Hon Paula Bennett: Did she ask Judge Coral Shaw that yesterday?


Hon Paula Bennett: Does she think people submitting to the royal commission can feel they are being taken seriously and given the respect they need when one of the chosen advocates is in a relationship with a paedophile?

Hon TRACEY MARTIN: I think survivors are going to have to make that decision for themselves, and it’s interesting that I have received a lot of correspondence expressing support for the royal commission and making sure that the royal commission goes ahead. The commissioners provided me with—they have done, I think, around about just under 150 private interviews—statements, positive statements, from those who had participated in those interviews around their experience. I do want to make this comment, though. The woman that we are talking about has done nothing wrong. The woman who was part of the survivors’ advisory group herself has done nothing wrong. So when asking those sorts of questions, I think we need to be careful about deciding that we’re going to judge and take away the ability for this survivor to participate, because we’ve made a judgment about her relationships.

Rt Hon Winston Peters: Is it not a fact that anyone knowing about the business of this commission would understand that many of the people appearing before that commission have themselves got a criminal record and to deny the commission the hearing of their evidence would be to seriously limit the commission’s business?

Hon TRACEY MARTIN: That is one of the complexities that the commissioners are struggling with and, again, many of the one-on-one interviews that have taken place so far have been inside our prisons, because some of the individuals who have suffered horribly both at the hands of the State and at the hands of religious institutions have gone on, through that trauma, to then commit crime. The Acting Prime Minister is quite correct—to stop them from having a voice would yet again deny them what they were denied in their childhood.

Hon Paula Bennett: Does she accept this is not about the people that are submitting and their history and past but actually about someone who is on the survivors’ advocacy group who has been chosen to represent them, who is in a relationship with a paedophile, and at risk of actually extending the trauma that those very people have already had?

Hon TRACEY MARTIN: Again, I suggest that she puts that to the royal commission. She’s asking my opinion about a person who has done nothing wrong, who has committed no crime, who is a survivor and on a survivor advisory panel, and she is asking what my opinion is about an independent royal commission of inquiry’s actions. I cannot give that to her.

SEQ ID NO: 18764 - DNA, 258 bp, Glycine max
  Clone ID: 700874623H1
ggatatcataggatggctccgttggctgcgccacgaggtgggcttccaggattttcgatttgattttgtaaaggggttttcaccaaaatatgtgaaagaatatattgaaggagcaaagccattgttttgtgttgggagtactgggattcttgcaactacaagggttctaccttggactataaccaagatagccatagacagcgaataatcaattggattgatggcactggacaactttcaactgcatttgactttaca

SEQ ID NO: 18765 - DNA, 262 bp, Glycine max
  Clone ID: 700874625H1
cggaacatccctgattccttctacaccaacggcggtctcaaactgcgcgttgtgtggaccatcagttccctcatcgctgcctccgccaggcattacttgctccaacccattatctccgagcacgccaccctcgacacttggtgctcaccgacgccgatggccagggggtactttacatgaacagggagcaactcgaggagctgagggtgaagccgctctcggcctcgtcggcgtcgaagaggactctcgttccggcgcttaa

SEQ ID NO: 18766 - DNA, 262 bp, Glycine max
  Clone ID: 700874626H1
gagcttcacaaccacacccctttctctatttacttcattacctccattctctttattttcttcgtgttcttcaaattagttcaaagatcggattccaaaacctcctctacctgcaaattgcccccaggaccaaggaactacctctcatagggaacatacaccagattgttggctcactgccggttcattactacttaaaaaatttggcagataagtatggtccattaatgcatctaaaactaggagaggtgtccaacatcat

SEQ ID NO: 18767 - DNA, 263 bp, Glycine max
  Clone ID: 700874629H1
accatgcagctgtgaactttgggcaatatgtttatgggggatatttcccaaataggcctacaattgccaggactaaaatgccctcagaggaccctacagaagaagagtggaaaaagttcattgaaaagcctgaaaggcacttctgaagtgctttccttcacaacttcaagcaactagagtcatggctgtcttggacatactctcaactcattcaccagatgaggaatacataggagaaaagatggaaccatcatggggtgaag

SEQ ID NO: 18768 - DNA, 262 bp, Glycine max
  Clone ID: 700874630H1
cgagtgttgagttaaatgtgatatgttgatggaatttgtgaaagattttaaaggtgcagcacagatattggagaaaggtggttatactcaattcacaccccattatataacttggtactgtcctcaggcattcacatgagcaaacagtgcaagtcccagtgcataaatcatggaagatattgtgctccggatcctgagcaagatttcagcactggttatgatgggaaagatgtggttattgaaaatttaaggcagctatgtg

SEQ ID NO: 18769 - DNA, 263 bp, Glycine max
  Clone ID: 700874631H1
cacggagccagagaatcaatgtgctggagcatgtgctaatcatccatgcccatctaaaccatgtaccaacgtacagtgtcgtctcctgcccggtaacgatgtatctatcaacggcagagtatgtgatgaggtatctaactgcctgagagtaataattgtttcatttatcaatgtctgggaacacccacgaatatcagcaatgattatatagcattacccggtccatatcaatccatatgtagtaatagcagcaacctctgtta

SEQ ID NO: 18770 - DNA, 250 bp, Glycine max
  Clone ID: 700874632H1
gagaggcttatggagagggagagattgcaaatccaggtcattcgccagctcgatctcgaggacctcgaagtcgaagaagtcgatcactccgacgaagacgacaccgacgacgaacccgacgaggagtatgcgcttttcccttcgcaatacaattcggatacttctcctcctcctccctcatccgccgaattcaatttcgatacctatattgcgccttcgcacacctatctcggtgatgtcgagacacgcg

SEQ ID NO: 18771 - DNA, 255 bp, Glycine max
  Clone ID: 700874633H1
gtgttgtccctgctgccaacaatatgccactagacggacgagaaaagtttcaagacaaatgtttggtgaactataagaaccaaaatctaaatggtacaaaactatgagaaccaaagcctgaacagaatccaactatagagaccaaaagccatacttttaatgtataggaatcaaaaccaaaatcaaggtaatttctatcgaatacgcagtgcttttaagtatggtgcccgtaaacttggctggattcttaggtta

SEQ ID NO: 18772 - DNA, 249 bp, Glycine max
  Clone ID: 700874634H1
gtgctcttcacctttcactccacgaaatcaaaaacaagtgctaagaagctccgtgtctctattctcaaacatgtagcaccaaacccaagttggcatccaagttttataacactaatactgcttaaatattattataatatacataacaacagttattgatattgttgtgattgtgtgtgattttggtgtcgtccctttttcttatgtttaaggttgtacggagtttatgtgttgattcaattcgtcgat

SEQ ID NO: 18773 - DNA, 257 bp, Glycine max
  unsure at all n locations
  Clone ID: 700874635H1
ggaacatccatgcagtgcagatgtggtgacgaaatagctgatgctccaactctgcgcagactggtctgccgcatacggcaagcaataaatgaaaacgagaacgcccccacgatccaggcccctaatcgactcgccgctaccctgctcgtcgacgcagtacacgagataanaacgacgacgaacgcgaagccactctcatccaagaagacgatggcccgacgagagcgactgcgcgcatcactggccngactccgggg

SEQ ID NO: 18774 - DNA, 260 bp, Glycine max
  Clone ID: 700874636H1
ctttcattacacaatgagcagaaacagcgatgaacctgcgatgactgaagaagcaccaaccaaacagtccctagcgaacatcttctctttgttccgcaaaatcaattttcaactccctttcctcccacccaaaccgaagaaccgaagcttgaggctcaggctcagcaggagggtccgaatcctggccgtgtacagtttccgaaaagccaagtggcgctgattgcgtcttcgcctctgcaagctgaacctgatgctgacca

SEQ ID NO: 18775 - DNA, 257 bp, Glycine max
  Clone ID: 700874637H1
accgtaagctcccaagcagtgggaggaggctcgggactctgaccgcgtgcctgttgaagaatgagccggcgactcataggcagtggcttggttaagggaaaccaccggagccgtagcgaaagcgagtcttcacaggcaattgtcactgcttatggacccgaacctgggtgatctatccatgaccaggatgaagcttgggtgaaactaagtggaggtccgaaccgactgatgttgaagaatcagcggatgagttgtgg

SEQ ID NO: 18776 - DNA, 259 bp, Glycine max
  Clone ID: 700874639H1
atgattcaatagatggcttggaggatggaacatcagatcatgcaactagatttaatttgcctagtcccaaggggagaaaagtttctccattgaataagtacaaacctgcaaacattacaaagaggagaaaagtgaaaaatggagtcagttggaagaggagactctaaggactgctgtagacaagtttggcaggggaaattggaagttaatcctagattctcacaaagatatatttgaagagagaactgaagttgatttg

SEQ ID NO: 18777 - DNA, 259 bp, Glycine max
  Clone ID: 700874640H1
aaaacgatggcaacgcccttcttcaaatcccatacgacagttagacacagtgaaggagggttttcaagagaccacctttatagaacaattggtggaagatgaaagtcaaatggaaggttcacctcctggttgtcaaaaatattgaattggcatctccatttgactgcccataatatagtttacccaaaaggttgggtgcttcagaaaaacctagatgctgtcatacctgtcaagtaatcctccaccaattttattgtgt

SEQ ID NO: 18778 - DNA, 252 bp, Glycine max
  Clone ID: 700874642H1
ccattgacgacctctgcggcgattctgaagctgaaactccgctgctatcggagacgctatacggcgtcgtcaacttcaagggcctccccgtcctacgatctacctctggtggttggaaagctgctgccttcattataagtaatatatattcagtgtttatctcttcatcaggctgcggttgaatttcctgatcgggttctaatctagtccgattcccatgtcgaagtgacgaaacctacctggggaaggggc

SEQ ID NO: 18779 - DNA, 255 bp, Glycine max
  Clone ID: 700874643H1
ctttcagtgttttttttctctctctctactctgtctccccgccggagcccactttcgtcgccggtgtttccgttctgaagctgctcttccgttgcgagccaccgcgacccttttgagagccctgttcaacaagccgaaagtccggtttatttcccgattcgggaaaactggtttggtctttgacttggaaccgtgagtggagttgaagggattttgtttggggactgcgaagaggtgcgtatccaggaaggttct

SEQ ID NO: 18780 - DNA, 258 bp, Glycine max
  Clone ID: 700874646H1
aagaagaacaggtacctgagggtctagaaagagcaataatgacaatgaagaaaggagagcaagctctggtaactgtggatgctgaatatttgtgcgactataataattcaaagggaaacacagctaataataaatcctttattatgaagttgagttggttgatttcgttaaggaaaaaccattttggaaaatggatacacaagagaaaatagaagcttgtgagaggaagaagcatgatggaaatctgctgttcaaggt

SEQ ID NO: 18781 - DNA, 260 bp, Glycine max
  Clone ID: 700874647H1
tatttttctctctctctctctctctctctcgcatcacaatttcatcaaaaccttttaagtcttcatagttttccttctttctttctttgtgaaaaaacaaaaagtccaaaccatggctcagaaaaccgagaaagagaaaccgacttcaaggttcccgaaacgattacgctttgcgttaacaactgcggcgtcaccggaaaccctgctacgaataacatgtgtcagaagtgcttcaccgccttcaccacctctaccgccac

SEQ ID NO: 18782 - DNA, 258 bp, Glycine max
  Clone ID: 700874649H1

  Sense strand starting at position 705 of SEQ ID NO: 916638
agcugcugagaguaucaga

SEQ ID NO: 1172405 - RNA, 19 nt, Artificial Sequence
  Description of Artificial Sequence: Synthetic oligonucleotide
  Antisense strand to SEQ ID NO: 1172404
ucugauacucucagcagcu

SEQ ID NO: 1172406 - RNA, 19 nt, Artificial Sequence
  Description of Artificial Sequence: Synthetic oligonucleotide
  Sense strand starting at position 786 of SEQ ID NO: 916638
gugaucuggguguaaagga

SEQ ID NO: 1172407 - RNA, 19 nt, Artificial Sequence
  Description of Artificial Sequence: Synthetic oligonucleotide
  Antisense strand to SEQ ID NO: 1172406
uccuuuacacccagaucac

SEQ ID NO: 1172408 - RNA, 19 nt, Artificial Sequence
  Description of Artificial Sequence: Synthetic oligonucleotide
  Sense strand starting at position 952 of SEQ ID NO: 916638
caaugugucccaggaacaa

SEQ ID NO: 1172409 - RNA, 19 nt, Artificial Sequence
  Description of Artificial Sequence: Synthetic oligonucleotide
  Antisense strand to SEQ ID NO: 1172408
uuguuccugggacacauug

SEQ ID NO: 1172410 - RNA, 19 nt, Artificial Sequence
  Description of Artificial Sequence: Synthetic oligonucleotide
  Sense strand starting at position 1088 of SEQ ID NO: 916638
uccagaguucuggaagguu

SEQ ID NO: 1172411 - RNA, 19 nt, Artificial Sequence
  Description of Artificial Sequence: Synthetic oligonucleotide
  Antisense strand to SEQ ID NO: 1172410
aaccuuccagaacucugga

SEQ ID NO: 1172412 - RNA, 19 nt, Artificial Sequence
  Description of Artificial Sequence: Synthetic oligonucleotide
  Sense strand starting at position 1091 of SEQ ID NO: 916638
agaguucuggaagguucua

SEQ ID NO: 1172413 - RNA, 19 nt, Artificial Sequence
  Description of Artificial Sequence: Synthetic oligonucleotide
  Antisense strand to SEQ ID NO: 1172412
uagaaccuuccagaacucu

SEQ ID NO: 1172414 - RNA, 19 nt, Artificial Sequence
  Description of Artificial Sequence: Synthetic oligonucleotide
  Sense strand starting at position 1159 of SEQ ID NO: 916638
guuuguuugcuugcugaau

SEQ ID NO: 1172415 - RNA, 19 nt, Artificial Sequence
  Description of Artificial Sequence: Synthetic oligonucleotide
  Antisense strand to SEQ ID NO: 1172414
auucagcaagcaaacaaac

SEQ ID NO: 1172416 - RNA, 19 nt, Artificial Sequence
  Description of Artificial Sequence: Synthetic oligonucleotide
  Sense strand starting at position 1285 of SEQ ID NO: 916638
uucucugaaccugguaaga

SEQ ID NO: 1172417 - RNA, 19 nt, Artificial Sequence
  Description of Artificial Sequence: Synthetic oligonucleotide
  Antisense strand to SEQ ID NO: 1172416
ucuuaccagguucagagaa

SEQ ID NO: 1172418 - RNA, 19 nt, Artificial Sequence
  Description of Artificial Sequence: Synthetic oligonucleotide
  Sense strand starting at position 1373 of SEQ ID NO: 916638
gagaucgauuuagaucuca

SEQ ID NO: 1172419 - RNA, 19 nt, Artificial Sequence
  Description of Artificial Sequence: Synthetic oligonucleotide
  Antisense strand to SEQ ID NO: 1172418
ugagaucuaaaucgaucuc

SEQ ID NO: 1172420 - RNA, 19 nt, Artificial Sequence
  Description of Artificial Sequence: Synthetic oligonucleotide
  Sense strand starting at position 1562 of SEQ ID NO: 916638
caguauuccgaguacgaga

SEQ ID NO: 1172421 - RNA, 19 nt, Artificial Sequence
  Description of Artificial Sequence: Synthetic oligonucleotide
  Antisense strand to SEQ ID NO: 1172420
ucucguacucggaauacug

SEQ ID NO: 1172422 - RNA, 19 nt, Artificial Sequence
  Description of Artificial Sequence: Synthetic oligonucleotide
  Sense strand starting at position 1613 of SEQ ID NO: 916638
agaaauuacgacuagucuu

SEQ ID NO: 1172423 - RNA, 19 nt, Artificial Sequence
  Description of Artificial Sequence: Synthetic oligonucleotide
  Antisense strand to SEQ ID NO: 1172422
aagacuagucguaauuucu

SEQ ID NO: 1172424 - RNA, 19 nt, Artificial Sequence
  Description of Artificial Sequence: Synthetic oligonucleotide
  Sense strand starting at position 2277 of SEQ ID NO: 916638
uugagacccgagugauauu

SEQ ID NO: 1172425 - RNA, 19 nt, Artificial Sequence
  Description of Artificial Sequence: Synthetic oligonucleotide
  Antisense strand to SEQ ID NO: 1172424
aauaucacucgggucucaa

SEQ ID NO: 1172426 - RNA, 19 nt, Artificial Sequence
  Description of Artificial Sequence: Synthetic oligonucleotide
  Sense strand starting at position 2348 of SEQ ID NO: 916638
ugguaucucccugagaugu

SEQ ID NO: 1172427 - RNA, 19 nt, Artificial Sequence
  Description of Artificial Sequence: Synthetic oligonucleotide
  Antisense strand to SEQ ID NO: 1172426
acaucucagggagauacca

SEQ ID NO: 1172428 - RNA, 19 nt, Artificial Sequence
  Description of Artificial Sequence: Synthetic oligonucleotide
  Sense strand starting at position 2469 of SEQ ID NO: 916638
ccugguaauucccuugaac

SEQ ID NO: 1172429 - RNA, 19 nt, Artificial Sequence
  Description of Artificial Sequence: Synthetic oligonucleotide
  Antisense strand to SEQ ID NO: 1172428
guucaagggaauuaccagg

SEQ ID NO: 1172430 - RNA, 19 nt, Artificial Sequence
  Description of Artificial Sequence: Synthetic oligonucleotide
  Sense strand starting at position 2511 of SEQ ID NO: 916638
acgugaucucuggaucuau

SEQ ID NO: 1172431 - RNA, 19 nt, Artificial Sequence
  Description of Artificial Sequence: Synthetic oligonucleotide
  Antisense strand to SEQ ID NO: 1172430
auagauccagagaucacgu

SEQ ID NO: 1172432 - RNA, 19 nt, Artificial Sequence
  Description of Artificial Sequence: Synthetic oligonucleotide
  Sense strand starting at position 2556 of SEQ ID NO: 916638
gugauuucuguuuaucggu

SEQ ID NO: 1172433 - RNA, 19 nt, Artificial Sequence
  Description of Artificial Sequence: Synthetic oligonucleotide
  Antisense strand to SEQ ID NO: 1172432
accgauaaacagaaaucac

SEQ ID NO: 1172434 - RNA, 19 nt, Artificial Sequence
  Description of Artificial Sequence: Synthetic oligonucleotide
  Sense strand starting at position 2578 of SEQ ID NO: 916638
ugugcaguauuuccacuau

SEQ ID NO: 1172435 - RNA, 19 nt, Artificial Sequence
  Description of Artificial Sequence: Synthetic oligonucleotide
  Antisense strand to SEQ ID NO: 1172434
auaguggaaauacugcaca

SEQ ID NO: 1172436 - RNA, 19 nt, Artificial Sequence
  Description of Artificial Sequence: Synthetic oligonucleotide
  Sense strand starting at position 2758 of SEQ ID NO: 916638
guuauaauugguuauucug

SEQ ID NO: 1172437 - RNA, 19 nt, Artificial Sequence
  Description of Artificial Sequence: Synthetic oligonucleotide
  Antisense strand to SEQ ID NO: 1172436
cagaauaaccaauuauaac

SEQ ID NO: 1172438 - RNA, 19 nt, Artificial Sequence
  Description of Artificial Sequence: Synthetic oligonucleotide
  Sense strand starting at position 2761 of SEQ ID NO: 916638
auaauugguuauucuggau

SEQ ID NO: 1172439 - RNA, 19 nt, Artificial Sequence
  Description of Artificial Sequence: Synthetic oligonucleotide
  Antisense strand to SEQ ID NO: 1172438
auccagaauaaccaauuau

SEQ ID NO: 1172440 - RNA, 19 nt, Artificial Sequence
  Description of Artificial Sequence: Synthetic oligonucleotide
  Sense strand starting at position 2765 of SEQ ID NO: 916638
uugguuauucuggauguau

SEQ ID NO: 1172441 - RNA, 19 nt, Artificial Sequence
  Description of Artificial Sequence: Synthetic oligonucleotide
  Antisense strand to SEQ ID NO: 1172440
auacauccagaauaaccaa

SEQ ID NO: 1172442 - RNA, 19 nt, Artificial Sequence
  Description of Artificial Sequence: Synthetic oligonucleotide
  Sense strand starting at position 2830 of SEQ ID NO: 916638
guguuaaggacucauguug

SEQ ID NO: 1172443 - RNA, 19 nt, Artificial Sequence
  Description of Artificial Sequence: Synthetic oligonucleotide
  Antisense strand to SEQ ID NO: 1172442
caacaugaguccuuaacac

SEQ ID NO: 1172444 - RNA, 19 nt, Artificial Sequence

Hon Paula Bennett: Will she ask the commissioners to ask that person to stand down from the advocacy group?

Hon TRACEY MARTIN: No, that would be political interference in an independent royal commission of inquiry.

Question No. 3—Finance

3. Hon PAUL GOLDSMITH (National) to the Minister of Finance: Does he stand by all of his statements, policies, and actions?

Hon DAVID PARKER (Associate Minister of Finance) on behalf of the Minister of Finance: Yes, in the context they were given, made, and undertaken. Particularly, I stand by my statements, policies, and actions following the IMF and Moody’s reports in the past week, which highlighted New Zealand’s fiscal strength, solid growth, low unemployment, and affirmed the policy direction of this Government.

Hon Paul Goldsmith: Does he stand by his statement, “Despite some who will take a half-glass empty approach, under this Government’s solid economic management we’re doing well”?

Hon DAVID PARKER: Yes, and in respect of farmers in particular, there was a survey out from Rabobank in the last day and, unsurprisingly, given that farm exports are up, as interest rates are at their lowest level ever, trade access is improving under this Government, and many farms are paying debt, around 80 percent of farmers remain positive that the future remains as good as or better than the current positive experiences they already have.

Hon Paul Goldsmith: How does he think per person annual growth of just 0.5 percent is doing well?

Hon DAVID PARKER: I’ve got good news for the member there as well. According to the OECD, when this Government took office, New Zealand was in the 34th position in the OECD in terms of GDP per capita growth. This now has improved to 32nd; an improvement which has been brought about by the good governance of the current administration.

Hon Paul Goldsmith: Does he think HSBC chief economist Paul Bloxham is taking a half glass—no, a glass, half glass—

SPEAKER: Glass half empty.

Hon PAUL GOLDSMITH: —glass half-empty approach when he said, “Economic management”—[Interruption]

SPEAKER: Order! I shouldn’t have interjected, nor should anyone else, but I think there was a bit of an invitation.